Now is a Good Time to Start Planning for Next Year's Tax Return
Memorial Day signals the unofficial kickoff of summer for many: school is winding down, the weather is getting warmer, flowers are in bloom… what – tax planning is not on your mind? The tax deadline may have just passed but planning for next year can start now. Taking time now to get organized and to plan ahead can save time, money, and headaches in 2013. Here are seven things you can do now to make next April 15 easier and potentially keep some more money in your pocket.
- Adjust your withholding. Did you receive a refund last year that may have been a little too big? Now is a good time to review your withholding and make adjustments for 2012, especially if you would prefer to take home more money from each paycheck, effectively giving yourself a raise. If you owed at tax time, perhaps you would like next year's tax payment to be smaller. Use IRS's Withholding Calculator at http://www.irs.gov/individuals/article/0,,id=96196,00.html.
- Review your paycheck. Make sure your employer is properly withholding and reporting retirement account contributions, health insurance payments, charitable payroll deductions and other items. These payroll adjustments can make a big difference on your bottom line. Correcting an error in your paycheck now gets you back on track before it becomes a huge hassle.
- Store your return in a safe place. Save your 2011 tax return and supporting documents somewhere secure so you will know exactly where to find them if you receive an IRS notice and need to refer to your return. If it is easy to find, you can also use it as a helpful guide for next year's return. Consider scanning all of the documents and saving it to your home computer or to a flash drive to reduce clutter around the house.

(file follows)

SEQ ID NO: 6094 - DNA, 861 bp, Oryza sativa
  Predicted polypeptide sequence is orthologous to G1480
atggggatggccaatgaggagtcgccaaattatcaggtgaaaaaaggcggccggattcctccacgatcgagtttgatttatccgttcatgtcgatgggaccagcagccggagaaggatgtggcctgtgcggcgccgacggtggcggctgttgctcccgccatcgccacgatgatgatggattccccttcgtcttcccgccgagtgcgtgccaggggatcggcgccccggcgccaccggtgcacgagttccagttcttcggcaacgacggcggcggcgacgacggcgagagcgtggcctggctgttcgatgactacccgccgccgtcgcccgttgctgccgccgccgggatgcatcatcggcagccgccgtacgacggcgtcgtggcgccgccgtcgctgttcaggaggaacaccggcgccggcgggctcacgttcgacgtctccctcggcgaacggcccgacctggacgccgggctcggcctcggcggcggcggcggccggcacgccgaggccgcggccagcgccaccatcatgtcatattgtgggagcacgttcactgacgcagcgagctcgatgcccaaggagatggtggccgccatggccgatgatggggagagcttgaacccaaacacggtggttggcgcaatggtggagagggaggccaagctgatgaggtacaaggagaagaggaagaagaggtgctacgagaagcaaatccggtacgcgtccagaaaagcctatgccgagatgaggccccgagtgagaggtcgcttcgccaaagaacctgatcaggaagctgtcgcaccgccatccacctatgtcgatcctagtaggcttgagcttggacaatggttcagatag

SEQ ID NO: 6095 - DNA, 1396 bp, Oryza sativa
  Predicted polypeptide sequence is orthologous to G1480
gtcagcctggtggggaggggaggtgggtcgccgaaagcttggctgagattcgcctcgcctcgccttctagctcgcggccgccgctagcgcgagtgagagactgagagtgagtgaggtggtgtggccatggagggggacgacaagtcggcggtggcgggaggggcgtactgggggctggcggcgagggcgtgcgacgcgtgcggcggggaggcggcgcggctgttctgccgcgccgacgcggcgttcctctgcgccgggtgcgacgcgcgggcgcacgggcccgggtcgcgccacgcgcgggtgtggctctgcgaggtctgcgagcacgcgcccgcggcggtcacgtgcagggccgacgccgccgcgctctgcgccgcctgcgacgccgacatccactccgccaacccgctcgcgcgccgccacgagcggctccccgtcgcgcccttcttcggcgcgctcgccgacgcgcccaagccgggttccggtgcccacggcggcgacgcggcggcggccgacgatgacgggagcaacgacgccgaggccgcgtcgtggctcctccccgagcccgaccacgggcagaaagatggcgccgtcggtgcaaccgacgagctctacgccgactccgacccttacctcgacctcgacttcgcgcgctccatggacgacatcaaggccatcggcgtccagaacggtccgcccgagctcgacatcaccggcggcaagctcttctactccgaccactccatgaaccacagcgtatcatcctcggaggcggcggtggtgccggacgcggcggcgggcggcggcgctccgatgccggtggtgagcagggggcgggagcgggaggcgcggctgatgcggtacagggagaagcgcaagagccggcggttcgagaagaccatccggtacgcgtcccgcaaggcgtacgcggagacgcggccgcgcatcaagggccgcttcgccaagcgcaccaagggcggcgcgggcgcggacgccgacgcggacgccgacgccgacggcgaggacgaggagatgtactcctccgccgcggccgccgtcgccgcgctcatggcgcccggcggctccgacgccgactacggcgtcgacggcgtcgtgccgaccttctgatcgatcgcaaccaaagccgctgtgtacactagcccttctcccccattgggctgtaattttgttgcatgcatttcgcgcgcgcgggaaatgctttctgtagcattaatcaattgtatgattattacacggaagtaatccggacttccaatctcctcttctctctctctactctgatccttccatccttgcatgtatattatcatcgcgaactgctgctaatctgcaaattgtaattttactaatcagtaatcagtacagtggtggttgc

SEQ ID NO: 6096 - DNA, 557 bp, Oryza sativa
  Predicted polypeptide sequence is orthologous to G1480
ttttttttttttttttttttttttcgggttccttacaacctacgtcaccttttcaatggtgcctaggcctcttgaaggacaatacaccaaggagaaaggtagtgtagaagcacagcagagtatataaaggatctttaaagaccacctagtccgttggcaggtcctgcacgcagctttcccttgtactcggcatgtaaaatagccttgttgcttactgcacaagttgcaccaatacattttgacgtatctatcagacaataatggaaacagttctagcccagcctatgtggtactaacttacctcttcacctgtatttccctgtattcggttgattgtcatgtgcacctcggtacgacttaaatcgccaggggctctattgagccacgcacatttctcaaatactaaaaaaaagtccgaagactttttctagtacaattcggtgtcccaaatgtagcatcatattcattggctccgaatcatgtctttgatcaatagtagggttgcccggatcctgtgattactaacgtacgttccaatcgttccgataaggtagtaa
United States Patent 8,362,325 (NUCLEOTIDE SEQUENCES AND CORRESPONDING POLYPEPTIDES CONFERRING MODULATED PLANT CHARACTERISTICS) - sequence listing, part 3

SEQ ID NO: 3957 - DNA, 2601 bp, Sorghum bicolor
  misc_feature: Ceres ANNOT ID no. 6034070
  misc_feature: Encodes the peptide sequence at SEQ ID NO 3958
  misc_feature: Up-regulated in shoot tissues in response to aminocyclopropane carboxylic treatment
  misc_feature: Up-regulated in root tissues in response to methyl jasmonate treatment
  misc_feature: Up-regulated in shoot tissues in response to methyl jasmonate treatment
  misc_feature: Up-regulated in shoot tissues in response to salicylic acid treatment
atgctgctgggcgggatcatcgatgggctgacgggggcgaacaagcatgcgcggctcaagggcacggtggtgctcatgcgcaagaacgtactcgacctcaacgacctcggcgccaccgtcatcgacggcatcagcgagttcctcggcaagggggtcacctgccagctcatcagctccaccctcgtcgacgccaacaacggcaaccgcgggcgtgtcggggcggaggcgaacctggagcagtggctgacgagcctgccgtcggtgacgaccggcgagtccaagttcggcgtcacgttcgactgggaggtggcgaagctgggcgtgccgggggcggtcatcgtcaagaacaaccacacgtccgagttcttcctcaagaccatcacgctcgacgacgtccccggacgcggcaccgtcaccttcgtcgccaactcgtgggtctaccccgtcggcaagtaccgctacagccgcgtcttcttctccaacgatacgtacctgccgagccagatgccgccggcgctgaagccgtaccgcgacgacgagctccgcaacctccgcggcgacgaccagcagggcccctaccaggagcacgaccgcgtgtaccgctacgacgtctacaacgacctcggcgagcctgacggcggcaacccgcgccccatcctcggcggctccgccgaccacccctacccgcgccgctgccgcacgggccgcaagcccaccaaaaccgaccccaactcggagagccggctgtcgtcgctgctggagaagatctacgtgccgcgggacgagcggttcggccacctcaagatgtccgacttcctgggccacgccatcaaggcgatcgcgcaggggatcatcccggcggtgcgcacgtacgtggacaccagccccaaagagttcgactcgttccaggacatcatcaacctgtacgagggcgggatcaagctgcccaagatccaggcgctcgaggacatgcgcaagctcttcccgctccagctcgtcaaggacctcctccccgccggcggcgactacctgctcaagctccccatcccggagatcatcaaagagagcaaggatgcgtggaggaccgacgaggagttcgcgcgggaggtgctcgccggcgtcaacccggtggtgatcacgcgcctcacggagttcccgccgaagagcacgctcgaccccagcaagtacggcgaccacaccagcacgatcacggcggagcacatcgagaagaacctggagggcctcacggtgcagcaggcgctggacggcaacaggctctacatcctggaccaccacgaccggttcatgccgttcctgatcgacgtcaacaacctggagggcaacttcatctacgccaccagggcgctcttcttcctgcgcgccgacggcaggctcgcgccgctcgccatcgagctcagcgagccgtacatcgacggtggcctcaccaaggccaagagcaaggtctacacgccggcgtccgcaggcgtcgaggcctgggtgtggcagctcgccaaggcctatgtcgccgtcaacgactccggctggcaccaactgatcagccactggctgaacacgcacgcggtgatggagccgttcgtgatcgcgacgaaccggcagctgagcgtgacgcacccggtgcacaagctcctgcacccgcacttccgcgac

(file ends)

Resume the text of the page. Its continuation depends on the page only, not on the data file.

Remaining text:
- Organize your recordkeeping. Establish a central location where everyone in your household can put tax-related records all year long. Anything from a shoebox to a file cabinet works. Just be consistent to avoid a scramble for misplaced mileage logs or charity receipts come tax time.
- Work with a tax professional. If you use a tax professional to help you strategize, plan and make financial decisions, then consult with him or her now to see what ideas can be implemented to achieve their full benefit for 2012. Or if you prepared your own tax return last year and vowed “never again” to do it yourself, start interviewing CPAs now; you can take your time when you are not up against a deadline or anxious for your refund.
- Strategize to itemize deductions. If your expenses typically fall just below the amount to make itemizing advantageous, a bit of planning to accelerate deductions into 2012 may pay off. An early or extra mortgage payment, pre-deadline property tax payments, planned charitable donations or strategically paid medical bills could result in some tax savings. Sometimes something simple, like making your January payments just a few weeks early, can make the difference.
- Strategize tuition payments. The American Opportunity Tax Credit, which offsets higher education expenses, is set to expire after 2012. It may be beneficial to pay 2013 tuition in 2012 to take full advantage of this tax credit, up to $2,500, before it expires.
I work with small-to-mid sized businesses and individuals to effectively plan for taxes. If you have questions about jump starting your tax planning for 2012 please contact me at email@example.com or 847.779.6206.